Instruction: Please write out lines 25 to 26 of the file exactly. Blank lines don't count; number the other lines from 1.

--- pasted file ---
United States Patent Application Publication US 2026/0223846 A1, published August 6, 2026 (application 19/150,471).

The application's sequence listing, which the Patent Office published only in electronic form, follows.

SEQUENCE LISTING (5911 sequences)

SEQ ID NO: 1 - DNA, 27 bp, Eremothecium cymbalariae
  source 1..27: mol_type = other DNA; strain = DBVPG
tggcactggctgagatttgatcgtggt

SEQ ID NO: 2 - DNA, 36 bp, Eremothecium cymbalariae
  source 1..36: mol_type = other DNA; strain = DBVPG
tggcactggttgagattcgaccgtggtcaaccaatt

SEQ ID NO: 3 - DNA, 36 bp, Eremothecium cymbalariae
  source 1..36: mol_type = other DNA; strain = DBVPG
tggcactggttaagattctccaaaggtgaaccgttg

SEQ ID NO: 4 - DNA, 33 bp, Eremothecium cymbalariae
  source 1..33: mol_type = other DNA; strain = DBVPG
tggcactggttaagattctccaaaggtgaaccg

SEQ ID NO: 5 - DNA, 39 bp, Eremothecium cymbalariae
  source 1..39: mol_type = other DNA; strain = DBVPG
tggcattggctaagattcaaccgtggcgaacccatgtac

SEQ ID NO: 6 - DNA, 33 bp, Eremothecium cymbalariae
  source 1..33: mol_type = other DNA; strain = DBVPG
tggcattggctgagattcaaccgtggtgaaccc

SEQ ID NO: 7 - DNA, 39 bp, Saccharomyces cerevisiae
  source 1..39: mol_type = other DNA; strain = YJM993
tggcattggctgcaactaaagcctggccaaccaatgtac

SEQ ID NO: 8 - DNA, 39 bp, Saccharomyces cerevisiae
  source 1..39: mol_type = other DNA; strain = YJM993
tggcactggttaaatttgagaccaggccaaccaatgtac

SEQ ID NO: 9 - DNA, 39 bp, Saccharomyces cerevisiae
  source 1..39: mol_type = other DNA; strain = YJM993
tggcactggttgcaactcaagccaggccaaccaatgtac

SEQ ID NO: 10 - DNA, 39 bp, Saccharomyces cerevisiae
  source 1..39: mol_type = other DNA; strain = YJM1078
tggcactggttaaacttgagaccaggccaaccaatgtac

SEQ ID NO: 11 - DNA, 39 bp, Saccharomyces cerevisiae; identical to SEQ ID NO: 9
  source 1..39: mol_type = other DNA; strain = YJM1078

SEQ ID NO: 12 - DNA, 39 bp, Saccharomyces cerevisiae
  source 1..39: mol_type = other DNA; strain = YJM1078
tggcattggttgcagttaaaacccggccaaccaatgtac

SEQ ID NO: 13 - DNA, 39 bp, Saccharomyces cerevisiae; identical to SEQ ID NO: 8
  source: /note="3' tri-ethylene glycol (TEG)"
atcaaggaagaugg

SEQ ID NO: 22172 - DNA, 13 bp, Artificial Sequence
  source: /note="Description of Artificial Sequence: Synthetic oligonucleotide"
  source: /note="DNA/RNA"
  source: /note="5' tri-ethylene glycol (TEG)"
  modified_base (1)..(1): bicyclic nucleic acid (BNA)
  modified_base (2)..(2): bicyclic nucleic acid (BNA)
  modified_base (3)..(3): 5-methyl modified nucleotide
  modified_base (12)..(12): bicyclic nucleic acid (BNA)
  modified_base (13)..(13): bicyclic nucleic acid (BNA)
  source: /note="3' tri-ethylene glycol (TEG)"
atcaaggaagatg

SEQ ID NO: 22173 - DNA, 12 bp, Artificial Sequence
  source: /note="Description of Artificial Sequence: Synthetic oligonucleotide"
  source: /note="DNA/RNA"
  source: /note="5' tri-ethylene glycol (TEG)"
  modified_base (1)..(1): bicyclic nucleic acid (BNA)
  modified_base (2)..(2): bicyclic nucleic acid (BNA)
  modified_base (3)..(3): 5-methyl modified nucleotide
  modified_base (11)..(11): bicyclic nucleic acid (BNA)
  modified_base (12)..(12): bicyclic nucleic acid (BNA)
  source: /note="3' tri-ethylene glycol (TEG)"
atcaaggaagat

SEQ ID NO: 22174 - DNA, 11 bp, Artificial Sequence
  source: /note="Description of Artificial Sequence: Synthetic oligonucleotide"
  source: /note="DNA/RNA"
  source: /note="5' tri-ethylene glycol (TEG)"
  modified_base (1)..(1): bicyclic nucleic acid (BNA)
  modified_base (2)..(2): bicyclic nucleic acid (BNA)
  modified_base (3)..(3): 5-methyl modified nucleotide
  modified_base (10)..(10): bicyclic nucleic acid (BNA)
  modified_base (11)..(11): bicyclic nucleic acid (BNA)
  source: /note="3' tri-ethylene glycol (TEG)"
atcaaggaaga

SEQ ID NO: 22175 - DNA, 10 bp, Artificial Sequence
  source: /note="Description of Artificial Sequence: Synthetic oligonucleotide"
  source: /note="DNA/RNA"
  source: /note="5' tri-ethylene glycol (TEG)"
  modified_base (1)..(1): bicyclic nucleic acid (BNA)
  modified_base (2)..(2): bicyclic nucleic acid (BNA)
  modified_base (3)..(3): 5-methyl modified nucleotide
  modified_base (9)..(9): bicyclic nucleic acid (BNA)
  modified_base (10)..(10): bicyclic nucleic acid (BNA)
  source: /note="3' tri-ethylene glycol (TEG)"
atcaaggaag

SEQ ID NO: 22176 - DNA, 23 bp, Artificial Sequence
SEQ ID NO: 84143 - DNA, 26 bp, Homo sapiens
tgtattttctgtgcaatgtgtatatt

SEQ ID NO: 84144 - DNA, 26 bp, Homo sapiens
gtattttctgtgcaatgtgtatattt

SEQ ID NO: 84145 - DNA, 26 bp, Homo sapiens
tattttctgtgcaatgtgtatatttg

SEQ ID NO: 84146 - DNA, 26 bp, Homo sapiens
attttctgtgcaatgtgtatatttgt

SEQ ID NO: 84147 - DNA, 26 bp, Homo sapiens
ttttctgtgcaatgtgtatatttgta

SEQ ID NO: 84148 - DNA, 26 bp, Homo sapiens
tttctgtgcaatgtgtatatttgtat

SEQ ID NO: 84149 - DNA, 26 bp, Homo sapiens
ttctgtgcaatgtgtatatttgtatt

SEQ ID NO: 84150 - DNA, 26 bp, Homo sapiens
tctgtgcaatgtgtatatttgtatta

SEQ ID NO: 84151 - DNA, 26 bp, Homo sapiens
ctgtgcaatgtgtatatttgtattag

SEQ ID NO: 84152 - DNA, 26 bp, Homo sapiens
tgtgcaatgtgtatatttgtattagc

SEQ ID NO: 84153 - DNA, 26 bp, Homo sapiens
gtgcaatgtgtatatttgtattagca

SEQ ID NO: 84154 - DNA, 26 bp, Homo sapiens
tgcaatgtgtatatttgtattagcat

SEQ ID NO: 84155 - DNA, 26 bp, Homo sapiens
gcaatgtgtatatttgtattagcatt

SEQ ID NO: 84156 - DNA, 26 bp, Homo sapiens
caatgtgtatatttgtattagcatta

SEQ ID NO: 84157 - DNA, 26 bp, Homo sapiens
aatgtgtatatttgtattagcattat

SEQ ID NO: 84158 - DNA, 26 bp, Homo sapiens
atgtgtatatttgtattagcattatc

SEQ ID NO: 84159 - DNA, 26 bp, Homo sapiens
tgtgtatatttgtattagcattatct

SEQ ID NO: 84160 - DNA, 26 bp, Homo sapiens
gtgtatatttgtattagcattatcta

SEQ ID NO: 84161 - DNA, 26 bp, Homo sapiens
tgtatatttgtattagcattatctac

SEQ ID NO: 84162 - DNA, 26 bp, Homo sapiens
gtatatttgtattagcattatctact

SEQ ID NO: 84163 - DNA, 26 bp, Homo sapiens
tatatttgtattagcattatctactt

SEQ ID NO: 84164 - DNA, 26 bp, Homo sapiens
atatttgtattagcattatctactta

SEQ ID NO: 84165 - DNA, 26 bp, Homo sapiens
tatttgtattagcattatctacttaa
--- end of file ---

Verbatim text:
SEQ ID NO: 8 - DNA, 39 bp, Saccharomyces cerevisiae
  source 1..39: mol_type = other DNA; strain = YJM993